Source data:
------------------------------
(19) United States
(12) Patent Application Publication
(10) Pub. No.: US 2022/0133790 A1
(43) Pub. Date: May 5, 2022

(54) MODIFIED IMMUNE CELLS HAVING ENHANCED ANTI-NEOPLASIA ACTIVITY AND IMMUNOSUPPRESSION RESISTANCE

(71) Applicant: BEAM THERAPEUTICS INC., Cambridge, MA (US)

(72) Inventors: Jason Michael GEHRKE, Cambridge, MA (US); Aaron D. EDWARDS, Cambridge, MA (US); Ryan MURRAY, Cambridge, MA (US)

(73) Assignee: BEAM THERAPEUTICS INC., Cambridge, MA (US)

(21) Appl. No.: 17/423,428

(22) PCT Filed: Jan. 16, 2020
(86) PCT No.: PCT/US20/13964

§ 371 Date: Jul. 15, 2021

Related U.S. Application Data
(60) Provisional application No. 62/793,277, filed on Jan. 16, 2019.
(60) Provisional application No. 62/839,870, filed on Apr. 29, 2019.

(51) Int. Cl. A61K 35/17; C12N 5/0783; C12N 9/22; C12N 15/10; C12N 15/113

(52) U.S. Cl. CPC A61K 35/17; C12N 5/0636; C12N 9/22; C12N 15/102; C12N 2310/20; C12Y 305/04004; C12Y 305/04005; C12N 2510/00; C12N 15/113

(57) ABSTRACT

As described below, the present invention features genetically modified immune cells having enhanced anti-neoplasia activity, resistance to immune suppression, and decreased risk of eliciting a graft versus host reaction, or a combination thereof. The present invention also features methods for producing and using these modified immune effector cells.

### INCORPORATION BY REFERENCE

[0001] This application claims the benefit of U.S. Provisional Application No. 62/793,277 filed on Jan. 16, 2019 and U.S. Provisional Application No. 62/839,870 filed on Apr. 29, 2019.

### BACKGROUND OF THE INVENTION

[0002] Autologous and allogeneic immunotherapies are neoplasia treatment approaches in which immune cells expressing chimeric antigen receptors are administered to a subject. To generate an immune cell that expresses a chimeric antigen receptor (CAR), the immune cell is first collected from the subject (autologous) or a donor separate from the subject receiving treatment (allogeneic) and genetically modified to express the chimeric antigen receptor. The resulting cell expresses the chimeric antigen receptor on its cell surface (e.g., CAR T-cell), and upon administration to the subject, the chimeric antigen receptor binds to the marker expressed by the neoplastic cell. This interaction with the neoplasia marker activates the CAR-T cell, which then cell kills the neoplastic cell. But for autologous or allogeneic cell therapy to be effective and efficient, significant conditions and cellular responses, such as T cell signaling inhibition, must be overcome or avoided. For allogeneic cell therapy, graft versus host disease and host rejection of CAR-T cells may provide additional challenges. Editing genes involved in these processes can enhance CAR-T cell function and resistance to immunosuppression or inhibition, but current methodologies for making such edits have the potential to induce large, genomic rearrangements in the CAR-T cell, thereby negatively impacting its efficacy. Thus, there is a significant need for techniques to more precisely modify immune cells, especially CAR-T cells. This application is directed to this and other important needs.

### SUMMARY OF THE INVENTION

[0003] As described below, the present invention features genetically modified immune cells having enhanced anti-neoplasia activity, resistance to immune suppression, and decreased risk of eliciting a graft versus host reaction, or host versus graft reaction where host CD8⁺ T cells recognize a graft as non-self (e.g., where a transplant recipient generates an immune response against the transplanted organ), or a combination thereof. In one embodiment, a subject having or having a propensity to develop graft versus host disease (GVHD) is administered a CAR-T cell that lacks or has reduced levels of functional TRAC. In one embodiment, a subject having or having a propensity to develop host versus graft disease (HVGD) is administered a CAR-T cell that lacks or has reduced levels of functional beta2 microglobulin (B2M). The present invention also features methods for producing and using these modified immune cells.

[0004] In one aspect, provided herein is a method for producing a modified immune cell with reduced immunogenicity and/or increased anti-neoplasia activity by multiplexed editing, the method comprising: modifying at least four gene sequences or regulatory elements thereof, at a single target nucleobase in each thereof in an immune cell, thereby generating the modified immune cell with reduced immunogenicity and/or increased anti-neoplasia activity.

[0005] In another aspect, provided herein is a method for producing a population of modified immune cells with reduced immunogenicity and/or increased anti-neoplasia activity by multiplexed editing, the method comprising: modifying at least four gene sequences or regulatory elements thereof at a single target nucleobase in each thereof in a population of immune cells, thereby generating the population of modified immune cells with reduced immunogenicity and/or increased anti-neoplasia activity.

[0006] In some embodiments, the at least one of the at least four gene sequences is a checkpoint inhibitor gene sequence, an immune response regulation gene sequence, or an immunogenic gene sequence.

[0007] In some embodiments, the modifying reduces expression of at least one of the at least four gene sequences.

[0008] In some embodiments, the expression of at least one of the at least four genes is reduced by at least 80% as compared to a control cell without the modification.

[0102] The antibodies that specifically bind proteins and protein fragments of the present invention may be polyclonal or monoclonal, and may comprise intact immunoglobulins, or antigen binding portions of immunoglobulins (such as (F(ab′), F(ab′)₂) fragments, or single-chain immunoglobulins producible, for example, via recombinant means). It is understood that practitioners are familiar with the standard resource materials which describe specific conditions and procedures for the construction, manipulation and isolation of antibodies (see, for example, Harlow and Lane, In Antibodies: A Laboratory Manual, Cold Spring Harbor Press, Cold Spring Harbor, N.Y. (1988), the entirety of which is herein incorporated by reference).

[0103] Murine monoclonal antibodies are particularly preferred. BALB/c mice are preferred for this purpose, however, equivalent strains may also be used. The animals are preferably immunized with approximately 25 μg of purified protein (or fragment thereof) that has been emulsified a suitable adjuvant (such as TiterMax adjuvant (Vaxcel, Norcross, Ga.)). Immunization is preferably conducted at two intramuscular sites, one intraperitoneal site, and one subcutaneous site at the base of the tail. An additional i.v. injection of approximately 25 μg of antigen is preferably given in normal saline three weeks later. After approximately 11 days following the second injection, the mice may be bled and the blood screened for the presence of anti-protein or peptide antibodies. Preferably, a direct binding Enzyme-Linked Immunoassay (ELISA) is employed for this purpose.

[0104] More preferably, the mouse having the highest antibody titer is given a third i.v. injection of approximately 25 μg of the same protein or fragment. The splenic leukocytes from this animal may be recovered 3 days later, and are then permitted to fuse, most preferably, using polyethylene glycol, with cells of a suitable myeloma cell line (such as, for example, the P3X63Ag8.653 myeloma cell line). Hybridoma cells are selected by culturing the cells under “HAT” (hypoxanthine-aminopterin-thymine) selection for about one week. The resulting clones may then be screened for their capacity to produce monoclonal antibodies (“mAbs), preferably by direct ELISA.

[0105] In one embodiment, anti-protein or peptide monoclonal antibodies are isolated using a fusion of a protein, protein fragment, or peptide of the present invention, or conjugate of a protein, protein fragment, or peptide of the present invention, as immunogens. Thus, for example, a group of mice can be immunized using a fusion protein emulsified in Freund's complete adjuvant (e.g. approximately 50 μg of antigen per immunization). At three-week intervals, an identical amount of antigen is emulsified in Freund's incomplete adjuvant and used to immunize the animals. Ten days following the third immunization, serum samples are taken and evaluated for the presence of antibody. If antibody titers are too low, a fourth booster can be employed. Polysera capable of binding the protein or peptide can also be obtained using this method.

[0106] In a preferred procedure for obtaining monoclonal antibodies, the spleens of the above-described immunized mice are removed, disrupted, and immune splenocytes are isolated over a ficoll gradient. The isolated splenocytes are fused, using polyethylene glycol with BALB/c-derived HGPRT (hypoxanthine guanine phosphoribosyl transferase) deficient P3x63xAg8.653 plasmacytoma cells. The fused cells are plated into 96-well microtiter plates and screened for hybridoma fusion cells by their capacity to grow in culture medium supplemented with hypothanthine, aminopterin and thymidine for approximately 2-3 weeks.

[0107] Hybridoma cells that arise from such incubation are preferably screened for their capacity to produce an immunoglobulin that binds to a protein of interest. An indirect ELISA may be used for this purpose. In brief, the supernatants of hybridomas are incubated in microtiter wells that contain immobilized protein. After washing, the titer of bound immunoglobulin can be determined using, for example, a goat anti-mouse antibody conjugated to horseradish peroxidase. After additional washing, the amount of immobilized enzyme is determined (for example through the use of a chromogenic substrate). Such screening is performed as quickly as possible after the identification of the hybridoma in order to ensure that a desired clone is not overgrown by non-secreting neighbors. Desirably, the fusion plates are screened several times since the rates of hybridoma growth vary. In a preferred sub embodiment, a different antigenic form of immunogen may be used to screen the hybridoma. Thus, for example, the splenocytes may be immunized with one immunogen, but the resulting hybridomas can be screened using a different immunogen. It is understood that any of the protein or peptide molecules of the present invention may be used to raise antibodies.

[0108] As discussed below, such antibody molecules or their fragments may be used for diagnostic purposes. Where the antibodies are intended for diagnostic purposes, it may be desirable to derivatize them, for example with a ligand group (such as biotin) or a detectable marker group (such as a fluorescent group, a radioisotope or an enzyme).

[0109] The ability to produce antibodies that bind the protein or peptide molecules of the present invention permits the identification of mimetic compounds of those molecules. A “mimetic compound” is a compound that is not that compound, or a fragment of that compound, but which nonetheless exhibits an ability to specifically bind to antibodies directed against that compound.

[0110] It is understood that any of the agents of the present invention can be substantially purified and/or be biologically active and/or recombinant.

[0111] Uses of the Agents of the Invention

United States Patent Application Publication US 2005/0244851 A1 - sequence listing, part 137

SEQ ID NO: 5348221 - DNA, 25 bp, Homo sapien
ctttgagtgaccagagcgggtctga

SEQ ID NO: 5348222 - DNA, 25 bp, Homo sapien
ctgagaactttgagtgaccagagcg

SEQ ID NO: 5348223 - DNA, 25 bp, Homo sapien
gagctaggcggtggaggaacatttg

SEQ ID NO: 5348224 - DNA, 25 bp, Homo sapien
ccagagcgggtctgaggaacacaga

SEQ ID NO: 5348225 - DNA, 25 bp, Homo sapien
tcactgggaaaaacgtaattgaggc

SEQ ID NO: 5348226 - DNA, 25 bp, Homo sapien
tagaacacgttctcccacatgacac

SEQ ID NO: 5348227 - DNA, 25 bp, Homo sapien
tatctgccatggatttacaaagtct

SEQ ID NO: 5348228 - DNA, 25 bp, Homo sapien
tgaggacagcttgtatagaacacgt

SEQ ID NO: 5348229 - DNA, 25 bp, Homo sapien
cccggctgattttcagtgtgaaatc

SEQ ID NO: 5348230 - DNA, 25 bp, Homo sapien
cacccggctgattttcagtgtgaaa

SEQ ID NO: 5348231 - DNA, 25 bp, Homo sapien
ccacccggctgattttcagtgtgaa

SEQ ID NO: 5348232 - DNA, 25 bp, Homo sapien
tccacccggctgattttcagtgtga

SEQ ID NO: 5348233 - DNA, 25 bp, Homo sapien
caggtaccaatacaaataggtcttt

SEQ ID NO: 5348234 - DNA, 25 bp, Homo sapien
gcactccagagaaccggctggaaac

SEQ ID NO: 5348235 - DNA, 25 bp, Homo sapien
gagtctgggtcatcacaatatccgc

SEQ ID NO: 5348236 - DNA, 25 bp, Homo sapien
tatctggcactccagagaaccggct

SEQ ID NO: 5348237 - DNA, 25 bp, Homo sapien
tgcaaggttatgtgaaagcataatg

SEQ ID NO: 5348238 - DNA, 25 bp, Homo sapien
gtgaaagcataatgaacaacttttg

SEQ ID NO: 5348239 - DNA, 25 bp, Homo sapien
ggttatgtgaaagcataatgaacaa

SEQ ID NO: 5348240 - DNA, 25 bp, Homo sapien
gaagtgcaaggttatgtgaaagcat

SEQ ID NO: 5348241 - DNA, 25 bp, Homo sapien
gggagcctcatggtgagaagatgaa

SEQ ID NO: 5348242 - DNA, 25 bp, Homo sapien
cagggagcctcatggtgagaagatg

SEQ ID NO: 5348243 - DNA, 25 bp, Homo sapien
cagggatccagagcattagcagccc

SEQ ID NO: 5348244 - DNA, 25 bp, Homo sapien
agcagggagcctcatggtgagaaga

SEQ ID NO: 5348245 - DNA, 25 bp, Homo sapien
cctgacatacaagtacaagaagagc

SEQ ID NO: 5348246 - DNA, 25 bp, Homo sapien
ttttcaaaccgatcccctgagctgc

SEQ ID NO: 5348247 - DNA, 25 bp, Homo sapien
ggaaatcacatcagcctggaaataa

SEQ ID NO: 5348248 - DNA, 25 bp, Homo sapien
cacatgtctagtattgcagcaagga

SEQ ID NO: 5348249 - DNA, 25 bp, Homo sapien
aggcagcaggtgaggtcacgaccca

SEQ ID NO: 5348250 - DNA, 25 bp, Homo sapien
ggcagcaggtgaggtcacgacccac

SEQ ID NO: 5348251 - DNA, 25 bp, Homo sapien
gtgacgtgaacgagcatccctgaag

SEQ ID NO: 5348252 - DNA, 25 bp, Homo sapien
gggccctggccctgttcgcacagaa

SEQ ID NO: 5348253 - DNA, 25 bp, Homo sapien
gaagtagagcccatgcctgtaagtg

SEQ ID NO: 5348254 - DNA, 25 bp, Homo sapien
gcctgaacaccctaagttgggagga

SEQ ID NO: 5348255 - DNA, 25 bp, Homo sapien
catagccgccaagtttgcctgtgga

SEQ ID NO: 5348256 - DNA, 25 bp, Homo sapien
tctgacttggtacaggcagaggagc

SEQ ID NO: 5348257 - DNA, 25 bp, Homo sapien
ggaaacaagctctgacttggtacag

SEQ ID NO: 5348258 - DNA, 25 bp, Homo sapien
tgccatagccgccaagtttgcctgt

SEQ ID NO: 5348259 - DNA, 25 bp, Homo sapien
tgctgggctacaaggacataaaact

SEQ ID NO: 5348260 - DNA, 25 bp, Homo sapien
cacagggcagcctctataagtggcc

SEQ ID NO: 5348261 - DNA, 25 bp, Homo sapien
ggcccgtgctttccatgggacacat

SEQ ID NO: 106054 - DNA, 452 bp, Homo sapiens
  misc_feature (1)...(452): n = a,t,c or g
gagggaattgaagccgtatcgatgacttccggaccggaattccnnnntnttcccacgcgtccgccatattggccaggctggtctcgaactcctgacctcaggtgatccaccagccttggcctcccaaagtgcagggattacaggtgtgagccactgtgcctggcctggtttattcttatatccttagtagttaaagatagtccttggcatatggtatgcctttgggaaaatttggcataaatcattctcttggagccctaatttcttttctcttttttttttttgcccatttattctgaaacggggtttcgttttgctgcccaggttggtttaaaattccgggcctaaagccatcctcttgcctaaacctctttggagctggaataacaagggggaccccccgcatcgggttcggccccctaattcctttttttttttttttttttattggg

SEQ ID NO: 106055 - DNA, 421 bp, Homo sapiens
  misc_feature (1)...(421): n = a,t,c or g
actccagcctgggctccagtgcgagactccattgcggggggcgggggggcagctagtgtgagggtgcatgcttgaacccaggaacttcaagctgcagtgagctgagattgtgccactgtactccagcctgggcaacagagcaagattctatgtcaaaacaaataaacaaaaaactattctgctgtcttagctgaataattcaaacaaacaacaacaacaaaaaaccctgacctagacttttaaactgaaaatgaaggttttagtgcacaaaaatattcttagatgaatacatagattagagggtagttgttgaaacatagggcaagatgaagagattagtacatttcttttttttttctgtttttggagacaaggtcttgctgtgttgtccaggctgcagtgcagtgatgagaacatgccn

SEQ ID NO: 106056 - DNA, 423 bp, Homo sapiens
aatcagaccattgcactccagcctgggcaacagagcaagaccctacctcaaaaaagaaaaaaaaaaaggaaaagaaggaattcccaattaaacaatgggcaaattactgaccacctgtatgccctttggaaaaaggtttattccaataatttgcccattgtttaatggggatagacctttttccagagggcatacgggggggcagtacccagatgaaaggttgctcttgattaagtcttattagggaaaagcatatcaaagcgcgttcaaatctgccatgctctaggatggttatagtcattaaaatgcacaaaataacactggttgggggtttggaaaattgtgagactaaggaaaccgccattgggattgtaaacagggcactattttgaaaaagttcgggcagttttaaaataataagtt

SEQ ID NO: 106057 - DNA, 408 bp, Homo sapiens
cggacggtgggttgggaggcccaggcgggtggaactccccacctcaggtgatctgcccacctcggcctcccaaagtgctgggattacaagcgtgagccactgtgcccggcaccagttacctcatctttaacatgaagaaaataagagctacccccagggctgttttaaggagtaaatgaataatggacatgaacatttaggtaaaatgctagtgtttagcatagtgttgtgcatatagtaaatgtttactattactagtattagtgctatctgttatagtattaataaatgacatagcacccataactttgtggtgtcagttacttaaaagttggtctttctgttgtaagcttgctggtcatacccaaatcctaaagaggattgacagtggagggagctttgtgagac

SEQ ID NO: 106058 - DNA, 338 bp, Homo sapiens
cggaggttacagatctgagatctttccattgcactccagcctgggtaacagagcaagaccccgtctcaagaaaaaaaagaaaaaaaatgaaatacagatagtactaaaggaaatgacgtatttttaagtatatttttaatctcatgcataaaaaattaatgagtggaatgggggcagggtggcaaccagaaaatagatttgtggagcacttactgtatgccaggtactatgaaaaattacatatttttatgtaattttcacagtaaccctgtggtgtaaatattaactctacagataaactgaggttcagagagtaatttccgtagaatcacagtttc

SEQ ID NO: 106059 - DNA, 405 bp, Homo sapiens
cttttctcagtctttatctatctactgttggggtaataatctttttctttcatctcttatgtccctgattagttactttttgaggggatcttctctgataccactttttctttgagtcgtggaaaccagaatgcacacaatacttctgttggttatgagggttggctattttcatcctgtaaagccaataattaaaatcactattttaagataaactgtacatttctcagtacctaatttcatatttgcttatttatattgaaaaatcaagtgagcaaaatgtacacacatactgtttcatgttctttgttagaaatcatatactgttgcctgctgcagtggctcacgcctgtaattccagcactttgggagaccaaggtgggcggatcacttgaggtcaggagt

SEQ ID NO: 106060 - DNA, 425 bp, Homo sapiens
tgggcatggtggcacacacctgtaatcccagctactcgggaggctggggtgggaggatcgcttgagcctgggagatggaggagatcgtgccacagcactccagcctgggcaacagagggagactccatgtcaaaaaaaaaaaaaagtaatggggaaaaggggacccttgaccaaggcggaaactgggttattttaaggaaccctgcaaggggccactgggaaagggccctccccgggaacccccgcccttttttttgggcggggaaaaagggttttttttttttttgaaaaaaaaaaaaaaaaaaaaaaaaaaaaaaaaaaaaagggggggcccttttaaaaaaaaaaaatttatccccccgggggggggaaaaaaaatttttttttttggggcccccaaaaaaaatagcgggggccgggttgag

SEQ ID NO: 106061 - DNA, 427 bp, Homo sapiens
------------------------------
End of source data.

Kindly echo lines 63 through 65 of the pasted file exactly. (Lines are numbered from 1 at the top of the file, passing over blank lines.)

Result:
ccacccggctgattttcagtgtgaa

SEQ ID NO: 5348232 - DNA, 25 bp, Homo sapien
tccacccggctgattttcagtgtga